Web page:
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EDU 111 - Teaching Math & Science to Young Children - Textbook

Chapter 3: Theory & Teacher Effectiveness

3.1: Teacher Effectiveness & Why it Matters

3.1: Teaching Effectiveness & Why it Matters

"Teaching Effectiveness and Why it Matters" by Robert A. Barry, Ph.D. is licensed under a Creative Commons Attribution 4.0 International License.


"To improve student learning, you do not change the structure. You change the instructional practices of teachers. The schools that seem to do best are those that have a clear idea of what kind of instructional practice they wish to produce, and then design a structure to go with it.” —Richard Elmore, Harvard University

 

"It’s not rocket science—the better the teacher teaches, the better the student learns.” —Harry K. Wong, Author, The First Days of School; How to Be an Effective Teacher

 

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3.2: The Vygotsky Method

3.3: Child Science Skill Improvement through Hands-On Learning Activities in Kindergarten with Limited Human Resources and Facilities

3.3: Child Science Skill Improvement through Hands-On Learning Activities in Kindergarten with Limited Human Resources and Facilities

"Child Science Skill Improvement through Hands-On Learning Activities in Kindergarten with Limited Human Resources and Facilities" in American Journal of Educational Resources by Rukiyah, Marlina and Mohammad Kanedi is licensed under CC BY 4.0.


The early childhood education (ECE) curriculum in Indonesia, either explicitly or implicitly, includes science skills as one of the basic competencies that children must achieve. However, under the pretext of lack availability of facilities, majority of educators have not carry out science learning appropriately. This study aimed to demonstrate and convince early childhood education practitioners that an interesting and effective learning to develop science process skills of children can be implemented even in a kindergarten with limited facilities. By using one-shot case study design, 17children of Group B (aged 5-6 years) at Srijaya Kindergarten of Palembang were exposed to hands-on activities including exploring materials that float or sink, dissolved or unsoluble, color mixing; making letters using play dough; and observing insects with magnifying glass. The child science skills were observed and assessed using observational forms and child worksheets. The results showed 9 (52.95%) subjects obtained scores range 80-100; 4 (23.5%) achieved score range of 66-79, 3 (17.6%) reached score range of 56-65, and 1 (5.9%) obtained score of 52. Thus, it can be concluded that science learning with a process skill approach proved to be effective for developing children's science skills, even in kindergartens with limited facilities such as in Srijaya Kindergarten of Palembang.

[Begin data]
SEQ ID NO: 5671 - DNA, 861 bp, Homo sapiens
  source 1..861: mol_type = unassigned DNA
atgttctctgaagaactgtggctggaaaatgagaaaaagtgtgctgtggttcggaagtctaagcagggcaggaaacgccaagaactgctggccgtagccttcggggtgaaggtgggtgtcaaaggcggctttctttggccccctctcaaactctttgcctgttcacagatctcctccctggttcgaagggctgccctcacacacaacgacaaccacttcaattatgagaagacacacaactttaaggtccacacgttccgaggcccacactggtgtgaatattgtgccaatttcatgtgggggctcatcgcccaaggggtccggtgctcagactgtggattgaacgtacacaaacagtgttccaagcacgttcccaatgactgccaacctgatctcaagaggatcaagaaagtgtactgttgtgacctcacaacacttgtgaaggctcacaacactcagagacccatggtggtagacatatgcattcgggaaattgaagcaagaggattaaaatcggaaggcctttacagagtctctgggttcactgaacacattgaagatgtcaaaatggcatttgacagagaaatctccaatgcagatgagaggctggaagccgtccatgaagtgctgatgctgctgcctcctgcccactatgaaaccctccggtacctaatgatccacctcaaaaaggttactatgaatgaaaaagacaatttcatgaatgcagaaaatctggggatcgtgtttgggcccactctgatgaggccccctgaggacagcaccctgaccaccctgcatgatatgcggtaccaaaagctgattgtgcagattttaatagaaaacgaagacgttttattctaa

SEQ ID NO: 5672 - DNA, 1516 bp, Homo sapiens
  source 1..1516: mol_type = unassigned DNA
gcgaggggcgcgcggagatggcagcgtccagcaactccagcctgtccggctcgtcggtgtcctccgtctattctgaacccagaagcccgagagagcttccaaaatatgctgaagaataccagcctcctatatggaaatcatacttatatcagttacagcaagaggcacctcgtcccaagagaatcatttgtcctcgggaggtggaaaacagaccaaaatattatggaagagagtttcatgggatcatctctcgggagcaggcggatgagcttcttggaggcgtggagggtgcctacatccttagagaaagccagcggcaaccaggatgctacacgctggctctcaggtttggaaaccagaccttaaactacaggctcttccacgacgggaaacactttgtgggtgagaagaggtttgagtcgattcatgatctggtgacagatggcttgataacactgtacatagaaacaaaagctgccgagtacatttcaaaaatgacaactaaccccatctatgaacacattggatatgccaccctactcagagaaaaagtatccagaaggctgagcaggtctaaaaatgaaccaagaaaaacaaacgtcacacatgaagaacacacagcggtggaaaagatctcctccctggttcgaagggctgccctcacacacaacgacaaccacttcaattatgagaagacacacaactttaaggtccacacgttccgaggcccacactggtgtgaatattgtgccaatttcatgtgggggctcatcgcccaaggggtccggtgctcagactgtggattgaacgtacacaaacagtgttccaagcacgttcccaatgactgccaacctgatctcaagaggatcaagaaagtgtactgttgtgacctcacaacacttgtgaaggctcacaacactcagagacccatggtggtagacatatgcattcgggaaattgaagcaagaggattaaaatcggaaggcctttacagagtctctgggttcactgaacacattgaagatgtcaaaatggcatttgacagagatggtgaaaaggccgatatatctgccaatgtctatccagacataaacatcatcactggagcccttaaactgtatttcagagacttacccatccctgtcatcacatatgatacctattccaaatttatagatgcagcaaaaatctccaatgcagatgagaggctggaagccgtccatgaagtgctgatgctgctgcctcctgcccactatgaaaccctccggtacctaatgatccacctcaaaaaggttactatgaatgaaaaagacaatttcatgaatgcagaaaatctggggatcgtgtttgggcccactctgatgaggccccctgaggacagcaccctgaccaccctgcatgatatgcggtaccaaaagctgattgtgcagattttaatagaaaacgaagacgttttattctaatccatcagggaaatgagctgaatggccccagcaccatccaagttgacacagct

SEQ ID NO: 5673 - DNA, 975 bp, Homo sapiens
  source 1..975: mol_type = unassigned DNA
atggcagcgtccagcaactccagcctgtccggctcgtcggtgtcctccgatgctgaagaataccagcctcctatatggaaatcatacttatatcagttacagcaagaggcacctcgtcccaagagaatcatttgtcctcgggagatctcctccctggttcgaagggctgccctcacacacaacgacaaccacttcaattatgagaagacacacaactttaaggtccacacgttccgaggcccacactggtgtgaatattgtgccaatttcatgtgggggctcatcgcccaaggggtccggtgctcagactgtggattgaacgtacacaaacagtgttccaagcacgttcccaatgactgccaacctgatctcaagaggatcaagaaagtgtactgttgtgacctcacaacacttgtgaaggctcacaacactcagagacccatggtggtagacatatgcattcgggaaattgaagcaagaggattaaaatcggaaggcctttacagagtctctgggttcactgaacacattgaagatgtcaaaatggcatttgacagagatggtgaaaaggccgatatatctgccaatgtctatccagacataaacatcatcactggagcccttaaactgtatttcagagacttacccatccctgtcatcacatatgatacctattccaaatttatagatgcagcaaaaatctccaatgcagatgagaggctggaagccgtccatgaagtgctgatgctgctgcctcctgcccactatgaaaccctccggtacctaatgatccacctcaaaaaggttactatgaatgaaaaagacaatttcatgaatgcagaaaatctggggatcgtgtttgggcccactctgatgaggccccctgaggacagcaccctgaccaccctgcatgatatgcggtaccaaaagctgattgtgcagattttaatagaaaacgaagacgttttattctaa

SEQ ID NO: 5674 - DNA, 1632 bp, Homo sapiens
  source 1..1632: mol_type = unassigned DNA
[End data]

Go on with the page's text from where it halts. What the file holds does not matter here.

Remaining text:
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3.4: How Early Should We Be Teaching STEM?

3.4: How Early Should We Be Teaching STEM?

"How Early Should We Be Teaching STEM?" by Remake Learning is licensed under CC BY-NC-SA 4.0.


Sesame Street thinks students should understand the word “hypothesis” at age 4. Do experts agree?

For many parents and teachers, tackling topics like engineering and science with children can seem daunting. Questions like, 'Why is the sky blue?' can leave adults feeling like they don’t have the answers. However, many experts believe that this kind of 'science talk' is just what children need in their early years, before the fear of being wrong materializes in formal and more competitive learning environments.
 

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3.5: Observing, Questioning, Measuring, & Presenting

3.5: Observing, Questioning, Measuring, & Presenting

"Observing, questioning, measuring, presenting" in Science: An Elementary Teacher’s Guide by Wikibooks contributors for Wikibooks, The Free Textbook Project is licensed under CC BY-SA 3.0


What are the Process Skills?

Process skills are simply techniques that scientists use--the skills to carry out the scientific process. When we teach science we tend to focus on the science content but we can also teach these process skills in a variety of fun ways, which will help students improve their scientific thinking, carry out their own science projects, and improve their attitude towards science.

 

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